Grab a bunch of five-gallon plastic bottles, give the family pickup’s suspension a once-over and make sure those back muscles are warmed up — Fresno, your free water is here.
The regional wastewater treatment plant’s long-awaited recycled water program for commercial customers got going about a week ago.
The program for residential customers is slated to begin Wednesday.
Talk about simple. The water doesn’t cost a cent and comes with hardly any restrictions. You must not drink the stuff, but it’s safe for lawns, backyard gardens and washing the car. All you have to do is haul it away yourself.
“We hope this provides another source of water to help our residents meet their demand without using our precious potable water,” wastewater treatment plant boss Steve Hogg says.
Adds Fresno Public Utilities Director Thomas Esqueda: “We’ve got high hopes for this.”
The context has been building for some time.
For starters, there’s the four-year drought, a dry spell in many respects as brutal as any ever seen in the state.
Gov. Jerry Brown and state regulators insist that cities dramatically reduce their consumption of potable (drinking) water. Fresno’s target is a 28% cut compared to 2013.
Summer officially arrived last month, and with it comes the inevitable string of 100-degree afternoons.
Most folks in the Fresno metropolitan area grasp the crisis, but can’t help viewing with broken hearts their drying green space.
Fresno officials saw this day coming years ago.
They pitched an upgrade of the city’s water system that includes a new surface water treatment plant in southeast Fresno. The idea went through some tribulations, but the City Council finally approved the rate hikes needed to pay for everything.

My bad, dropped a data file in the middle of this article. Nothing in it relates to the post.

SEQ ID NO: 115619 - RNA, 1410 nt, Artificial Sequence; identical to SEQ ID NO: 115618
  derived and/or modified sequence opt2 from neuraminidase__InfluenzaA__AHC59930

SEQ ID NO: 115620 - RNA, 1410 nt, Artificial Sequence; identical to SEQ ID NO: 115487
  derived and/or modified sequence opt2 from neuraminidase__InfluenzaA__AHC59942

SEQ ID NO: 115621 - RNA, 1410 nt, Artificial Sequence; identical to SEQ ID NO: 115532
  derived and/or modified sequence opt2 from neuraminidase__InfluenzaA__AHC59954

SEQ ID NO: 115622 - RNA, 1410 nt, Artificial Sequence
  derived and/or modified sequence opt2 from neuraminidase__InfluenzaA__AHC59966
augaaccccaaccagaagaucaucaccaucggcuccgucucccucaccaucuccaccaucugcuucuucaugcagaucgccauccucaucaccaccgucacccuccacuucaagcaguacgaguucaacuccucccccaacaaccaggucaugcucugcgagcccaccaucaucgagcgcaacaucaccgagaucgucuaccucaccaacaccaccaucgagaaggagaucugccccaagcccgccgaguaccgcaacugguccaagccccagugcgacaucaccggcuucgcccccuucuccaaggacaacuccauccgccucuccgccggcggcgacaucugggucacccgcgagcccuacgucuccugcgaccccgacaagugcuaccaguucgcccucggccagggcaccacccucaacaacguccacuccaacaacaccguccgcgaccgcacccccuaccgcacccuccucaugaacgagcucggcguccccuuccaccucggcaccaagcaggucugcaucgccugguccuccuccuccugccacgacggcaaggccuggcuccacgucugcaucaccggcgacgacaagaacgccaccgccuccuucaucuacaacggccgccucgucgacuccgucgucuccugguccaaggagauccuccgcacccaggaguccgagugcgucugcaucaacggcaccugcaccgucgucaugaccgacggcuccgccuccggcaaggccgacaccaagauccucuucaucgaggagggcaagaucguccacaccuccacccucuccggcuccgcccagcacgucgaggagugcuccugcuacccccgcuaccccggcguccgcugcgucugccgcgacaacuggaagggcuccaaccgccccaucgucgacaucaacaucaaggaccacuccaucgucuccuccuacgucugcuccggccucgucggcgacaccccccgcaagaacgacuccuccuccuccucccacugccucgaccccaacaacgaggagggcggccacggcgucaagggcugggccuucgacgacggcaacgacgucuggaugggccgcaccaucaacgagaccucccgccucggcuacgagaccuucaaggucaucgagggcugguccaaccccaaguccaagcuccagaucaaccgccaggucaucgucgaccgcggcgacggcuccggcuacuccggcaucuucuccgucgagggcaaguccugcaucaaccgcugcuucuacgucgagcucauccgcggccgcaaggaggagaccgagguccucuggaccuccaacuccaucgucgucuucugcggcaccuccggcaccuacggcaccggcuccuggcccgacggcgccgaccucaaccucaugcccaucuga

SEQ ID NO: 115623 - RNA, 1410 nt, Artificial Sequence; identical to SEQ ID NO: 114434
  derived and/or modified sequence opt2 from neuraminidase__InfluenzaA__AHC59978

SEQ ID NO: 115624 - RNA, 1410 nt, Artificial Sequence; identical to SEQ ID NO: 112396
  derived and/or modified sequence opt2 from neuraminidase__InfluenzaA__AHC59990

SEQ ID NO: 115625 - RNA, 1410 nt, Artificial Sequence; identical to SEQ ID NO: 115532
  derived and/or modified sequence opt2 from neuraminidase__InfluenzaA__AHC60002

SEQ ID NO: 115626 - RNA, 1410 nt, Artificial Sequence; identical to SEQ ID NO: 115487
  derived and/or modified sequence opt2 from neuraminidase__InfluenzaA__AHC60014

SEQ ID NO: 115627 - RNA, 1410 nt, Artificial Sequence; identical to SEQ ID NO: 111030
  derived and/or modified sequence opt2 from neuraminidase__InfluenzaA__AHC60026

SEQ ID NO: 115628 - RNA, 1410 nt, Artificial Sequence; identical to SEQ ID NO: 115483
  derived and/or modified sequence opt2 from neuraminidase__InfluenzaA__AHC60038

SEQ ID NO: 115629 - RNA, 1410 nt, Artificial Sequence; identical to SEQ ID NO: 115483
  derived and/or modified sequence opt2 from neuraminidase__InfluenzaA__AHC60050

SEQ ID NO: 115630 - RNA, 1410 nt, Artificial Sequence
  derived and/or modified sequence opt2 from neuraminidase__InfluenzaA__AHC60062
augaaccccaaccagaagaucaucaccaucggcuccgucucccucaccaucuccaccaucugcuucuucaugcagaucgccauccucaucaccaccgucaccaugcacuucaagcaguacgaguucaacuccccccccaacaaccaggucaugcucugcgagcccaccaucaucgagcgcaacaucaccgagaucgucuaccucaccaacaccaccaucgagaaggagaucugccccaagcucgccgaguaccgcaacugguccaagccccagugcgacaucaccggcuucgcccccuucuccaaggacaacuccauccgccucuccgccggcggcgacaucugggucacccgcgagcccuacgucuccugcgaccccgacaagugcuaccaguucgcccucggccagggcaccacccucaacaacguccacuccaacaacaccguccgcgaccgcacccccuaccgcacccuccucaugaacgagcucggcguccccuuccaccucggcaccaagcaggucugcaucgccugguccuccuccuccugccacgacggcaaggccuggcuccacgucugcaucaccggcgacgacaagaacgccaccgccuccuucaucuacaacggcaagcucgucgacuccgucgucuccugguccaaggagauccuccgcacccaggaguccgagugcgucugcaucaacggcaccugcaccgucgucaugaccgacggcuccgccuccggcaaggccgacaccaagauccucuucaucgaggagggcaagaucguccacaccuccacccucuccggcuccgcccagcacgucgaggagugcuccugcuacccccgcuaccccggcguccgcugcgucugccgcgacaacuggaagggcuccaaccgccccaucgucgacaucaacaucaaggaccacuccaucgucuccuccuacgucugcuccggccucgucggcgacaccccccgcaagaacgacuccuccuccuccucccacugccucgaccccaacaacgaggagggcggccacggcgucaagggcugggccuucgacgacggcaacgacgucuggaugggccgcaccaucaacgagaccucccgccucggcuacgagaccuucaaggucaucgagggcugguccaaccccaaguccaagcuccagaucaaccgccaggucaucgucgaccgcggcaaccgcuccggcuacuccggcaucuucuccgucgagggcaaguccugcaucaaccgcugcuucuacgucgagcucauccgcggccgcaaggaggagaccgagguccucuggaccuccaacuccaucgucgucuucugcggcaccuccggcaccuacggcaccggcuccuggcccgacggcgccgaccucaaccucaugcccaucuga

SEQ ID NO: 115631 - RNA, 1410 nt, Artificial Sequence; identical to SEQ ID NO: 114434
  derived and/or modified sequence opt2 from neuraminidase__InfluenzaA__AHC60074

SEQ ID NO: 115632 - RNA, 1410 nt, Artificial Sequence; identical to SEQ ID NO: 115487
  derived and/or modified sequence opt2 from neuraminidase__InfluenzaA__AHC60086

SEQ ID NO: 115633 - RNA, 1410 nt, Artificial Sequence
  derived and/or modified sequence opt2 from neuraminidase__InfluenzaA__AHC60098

At the same time, Hogg and his team sketched a multimillion-dollar system that would bring highly treated recycled water to nearly every corner of Fresno.
The problem is timing. The rains need to return in force for the full benefits of the system upgrade to translate into water security. Likewise, the recycled water network is a work still early in progress.
Yet, that overbearing sun keeps pounding us.
This is where Hogg’s haul-it-yourself recycled-water program comes in.
To be precise, the stuff in question is actually extracted water. In Hogg’s line of work, “extracted” and “recycled” mean two different types of treated wastewater.
But in a broader sense, it’s all the reuse of a valuable resource.
The sewer farm about eight miles west of downtown has an aquifer that, over the decades, has built up quite a load. Hogg’s idea: Build separate fill stations for commercial and residential customers on a secure back lot, devise a registration/education process for consumers, then relieve pressure on the aquifer by pumping (extracting) treated water and giving it away.
Here’s the skinny:
▪ Commercial and residential customers must fill out an application and mail it to the treatment plant. A copy of your water bill should be attached. City officials will send you a key card that looks like a debit card.
▪ The card is needed to get through (coming and going) the fill-station gate on Jensen Avenue, about a mile west of the wastewater treatment plant, and to activate the fill station itself.
▪ The fill station is open 7 a.m. to 7 p.m. daily. Residential customers are limited to 300 gallons per day. Containers (at least one gallon in size) must have caps or seals.
▪ The commercial fill station delivers about 1,000 gallons per minute through a chute connected to a 12,000-gallon raised container.
▪ There are six faucets in the residential fill station. Be on your toes because the water flows at about 20 gallons per minute.
▪ The water is available only to people served by the sewer farm — Fresno, Clovis and county islands.
▪ Applying the water at home is your job. City Hall water cops won’t hassle you — as long as it’s Hogg’s recycled water.
Conrad Braganza, the wastewater reclamation coordinator, says he’s received a total of about 20 commercial or residential applications so far. He’s expecting a lot more.
Hogg asks for the public’s patience.
“We’re still dealing with a few bugs,” he says.
For example, Hogg expected commercial customers to come in with tanker trucks capable of holding 4,000 or 5,000 gallons. But the early trend is toward smaller trucks with one or two 500-gallon containers. Lining up the delivery chute and container opening has sometimes been a challenge.
But ironing out these last-minute wrinkles is the easy part, Hogg says. The big hurdle has been cleared.
Pointing to Fresno’s first extracted water fill station, Hogg beams: “It exists!”